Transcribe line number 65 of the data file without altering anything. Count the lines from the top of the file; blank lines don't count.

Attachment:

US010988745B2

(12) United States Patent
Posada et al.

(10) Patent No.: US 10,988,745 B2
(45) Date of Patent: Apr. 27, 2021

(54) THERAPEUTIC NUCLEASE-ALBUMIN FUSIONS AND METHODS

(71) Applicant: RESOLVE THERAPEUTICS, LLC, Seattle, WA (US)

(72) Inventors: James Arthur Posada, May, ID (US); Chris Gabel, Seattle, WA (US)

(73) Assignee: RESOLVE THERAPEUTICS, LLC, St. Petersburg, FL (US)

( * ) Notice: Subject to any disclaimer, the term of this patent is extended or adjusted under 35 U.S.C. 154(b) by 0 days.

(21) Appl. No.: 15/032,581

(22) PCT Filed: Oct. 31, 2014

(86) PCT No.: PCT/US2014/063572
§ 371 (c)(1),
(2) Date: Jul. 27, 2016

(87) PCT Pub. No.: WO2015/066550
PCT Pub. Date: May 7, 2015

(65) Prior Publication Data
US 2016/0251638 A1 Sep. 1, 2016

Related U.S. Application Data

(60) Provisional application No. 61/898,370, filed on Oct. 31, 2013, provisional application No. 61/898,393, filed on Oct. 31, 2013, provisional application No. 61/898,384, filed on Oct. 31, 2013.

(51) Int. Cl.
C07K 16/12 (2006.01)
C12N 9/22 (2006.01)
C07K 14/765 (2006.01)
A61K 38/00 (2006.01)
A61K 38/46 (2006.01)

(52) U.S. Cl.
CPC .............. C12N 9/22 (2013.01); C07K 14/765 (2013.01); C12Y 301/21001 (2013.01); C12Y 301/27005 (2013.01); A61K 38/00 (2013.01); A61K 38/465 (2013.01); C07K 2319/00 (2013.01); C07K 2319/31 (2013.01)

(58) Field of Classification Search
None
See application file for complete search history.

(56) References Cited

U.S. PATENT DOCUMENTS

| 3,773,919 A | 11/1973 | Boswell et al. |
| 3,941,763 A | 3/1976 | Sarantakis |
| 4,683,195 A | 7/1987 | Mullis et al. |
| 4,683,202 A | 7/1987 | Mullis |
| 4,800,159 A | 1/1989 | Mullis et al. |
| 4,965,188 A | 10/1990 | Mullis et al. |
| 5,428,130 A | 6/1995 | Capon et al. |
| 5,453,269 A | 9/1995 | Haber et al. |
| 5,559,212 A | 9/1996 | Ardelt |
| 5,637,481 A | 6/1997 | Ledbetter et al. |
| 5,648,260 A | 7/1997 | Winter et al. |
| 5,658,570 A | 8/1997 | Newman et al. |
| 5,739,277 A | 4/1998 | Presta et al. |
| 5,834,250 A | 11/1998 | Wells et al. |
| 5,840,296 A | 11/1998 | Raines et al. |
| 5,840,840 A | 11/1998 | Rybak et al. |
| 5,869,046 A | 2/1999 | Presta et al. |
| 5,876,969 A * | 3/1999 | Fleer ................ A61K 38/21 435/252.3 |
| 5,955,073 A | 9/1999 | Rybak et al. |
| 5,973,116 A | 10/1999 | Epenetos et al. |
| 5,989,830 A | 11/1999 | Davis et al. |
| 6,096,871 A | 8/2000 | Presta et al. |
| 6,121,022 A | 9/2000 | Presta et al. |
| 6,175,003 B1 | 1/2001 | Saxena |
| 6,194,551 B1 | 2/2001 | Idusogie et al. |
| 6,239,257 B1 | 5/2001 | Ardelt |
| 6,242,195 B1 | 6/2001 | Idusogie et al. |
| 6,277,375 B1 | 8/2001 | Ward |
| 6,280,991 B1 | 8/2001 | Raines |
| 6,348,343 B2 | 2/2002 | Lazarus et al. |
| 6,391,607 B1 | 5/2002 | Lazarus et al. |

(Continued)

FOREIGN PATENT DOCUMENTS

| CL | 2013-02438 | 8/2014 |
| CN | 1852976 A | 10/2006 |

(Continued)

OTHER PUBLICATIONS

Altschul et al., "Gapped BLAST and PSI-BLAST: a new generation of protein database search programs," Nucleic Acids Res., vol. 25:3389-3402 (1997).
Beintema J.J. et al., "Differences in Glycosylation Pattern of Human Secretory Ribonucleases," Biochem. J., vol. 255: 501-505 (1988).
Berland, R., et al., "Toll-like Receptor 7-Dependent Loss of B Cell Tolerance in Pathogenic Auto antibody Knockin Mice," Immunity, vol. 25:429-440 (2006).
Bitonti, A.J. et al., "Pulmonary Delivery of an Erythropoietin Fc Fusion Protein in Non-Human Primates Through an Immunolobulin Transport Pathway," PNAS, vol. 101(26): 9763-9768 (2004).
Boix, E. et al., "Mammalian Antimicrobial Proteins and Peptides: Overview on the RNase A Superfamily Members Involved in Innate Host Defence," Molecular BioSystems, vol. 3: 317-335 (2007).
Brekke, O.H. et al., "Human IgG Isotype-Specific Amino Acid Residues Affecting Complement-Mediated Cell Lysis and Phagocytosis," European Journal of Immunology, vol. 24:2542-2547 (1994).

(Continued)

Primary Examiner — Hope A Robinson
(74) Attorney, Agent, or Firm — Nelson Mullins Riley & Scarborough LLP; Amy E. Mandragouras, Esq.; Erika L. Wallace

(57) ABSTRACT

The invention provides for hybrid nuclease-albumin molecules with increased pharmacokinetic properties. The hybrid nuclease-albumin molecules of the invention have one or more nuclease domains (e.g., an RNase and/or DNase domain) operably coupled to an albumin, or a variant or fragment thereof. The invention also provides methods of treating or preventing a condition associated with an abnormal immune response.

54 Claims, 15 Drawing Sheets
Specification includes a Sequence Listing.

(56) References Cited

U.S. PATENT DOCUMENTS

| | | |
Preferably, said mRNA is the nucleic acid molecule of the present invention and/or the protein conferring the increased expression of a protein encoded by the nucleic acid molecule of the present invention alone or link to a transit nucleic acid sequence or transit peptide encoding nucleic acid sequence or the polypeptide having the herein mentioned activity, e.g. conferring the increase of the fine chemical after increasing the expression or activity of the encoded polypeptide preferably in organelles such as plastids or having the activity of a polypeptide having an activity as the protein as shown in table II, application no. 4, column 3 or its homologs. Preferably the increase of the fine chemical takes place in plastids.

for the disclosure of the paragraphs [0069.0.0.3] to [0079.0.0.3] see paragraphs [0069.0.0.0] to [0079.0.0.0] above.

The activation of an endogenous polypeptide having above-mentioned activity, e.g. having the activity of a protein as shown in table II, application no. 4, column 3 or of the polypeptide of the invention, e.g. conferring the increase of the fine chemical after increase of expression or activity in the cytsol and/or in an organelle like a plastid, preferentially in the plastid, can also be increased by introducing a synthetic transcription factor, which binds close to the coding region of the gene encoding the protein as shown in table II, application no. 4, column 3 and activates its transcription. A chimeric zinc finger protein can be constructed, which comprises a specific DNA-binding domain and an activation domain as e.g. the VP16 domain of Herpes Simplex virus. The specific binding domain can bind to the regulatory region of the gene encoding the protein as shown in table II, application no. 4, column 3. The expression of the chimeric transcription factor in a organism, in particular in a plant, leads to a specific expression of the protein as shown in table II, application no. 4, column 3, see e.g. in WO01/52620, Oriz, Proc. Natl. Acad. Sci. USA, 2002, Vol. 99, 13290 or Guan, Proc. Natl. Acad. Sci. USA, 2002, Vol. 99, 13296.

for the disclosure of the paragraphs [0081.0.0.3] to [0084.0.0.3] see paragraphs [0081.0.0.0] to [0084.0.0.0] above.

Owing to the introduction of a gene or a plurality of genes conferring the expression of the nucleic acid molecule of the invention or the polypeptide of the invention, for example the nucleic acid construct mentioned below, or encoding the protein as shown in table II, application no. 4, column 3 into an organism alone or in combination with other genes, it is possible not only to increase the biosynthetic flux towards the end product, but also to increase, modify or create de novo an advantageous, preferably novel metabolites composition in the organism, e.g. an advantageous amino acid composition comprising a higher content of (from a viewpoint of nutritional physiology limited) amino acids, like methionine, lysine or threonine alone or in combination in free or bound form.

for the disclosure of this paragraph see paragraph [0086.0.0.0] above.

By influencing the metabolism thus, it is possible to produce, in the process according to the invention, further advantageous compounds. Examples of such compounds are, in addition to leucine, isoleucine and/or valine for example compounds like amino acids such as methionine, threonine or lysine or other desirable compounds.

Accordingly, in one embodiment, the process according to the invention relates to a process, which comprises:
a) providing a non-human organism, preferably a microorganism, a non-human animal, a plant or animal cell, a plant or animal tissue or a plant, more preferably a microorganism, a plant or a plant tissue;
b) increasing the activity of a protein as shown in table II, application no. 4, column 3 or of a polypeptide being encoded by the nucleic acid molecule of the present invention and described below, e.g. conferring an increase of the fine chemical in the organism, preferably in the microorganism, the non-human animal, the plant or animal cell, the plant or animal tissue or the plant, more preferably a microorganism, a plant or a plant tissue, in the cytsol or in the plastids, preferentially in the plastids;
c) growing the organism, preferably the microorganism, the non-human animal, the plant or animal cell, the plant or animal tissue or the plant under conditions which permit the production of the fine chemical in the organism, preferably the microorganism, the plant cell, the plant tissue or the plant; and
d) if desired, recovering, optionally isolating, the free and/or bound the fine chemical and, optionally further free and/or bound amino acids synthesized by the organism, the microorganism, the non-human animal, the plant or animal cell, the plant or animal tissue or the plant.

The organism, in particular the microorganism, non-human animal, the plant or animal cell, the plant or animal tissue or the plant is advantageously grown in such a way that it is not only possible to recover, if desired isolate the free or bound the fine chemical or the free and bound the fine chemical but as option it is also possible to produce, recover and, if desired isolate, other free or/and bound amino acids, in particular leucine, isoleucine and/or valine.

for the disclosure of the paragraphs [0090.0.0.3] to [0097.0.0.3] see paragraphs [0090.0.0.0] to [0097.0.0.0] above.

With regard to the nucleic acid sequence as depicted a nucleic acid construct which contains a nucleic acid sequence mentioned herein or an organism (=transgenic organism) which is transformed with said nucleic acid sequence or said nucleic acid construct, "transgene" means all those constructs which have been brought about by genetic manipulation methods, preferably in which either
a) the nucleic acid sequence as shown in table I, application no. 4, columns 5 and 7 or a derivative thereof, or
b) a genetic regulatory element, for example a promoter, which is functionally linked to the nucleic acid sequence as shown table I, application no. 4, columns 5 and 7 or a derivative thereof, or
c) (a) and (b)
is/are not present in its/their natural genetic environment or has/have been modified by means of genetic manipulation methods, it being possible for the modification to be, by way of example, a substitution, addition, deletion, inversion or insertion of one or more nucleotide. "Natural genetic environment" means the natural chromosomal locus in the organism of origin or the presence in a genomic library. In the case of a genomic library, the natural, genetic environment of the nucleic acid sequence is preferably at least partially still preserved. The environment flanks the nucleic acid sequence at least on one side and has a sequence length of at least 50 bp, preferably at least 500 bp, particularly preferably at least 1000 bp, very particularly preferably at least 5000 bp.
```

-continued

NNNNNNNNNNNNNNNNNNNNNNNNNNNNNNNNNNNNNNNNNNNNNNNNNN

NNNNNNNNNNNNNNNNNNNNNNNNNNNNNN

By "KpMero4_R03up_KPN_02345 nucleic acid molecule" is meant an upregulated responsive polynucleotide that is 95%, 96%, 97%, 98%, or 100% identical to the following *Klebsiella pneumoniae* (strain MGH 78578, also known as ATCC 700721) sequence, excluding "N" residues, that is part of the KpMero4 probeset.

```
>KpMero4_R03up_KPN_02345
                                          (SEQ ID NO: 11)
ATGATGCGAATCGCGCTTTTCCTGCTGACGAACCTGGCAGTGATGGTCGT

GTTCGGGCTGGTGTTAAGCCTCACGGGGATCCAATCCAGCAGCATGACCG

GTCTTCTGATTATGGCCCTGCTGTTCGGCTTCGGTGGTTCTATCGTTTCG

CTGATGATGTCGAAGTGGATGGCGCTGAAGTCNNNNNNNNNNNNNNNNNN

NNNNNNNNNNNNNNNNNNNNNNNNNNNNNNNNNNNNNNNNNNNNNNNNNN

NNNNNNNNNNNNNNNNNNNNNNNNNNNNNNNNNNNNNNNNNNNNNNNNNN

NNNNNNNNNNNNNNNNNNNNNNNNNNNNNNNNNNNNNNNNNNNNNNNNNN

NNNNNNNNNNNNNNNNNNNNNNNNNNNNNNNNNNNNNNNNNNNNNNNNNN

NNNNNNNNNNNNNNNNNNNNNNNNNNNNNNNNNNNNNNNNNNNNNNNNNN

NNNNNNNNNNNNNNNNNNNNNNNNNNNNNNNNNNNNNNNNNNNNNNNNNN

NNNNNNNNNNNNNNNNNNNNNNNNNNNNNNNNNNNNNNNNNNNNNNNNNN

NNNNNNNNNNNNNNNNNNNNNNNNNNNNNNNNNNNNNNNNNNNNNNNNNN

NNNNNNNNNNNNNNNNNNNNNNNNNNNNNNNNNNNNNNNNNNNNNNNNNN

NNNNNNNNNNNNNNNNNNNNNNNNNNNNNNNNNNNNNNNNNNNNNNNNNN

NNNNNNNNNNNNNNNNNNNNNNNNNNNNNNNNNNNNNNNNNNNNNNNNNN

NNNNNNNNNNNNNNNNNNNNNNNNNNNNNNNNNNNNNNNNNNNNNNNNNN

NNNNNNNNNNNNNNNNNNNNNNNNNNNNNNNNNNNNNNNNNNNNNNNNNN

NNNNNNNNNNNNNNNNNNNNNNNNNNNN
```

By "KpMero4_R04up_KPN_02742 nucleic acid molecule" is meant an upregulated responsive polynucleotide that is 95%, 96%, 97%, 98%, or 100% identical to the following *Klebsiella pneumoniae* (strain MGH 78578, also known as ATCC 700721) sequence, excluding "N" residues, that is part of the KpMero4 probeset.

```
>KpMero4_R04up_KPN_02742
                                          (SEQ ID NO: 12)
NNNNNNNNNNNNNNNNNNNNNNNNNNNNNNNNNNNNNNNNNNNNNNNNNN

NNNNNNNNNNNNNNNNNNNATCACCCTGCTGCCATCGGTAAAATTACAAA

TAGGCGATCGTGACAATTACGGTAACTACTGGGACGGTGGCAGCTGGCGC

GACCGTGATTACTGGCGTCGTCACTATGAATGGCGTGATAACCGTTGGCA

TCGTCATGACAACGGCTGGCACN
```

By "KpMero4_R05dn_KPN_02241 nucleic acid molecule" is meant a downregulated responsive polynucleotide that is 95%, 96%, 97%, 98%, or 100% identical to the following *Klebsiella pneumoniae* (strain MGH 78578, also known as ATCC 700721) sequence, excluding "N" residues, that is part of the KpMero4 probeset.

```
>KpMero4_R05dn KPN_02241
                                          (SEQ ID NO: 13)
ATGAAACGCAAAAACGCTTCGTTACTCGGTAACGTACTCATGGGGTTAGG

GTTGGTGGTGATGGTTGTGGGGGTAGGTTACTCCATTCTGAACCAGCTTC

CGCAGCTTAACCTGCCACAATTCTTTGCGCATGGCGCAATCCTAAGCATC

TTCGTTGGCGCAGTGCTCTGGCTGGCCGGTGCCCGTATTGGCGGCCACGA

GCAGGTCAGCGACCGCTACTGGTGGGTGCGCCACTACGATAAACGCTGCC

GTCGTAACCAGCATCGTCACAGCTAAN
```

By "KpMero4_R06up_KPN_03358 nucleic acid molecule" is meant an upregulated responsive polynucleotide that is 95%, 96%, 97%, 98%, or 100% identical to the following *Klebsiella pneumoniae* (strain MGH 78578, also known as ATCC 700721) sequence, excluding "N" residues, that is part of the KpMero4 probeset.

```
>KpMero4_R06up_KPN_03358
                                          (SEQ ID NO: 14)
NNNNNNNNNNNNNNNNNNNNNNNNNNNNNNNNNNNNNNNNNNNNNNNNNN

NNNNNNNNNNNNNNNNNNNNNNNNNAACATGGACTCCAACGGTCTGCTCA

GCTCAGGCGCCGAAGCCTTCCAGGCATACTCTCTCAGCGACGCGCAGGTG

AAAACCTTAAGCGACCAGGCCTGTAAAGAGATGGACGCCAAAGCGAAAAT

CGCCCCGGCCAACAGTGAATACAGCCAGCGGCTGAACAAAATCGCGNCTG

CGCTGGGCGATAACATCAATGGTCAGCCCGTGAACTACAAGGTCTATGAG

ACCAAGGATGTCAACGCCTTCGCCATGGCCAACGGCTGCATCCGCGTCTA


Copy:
| 6,391,607 B1 | 5/2002 | Lazarus et al. |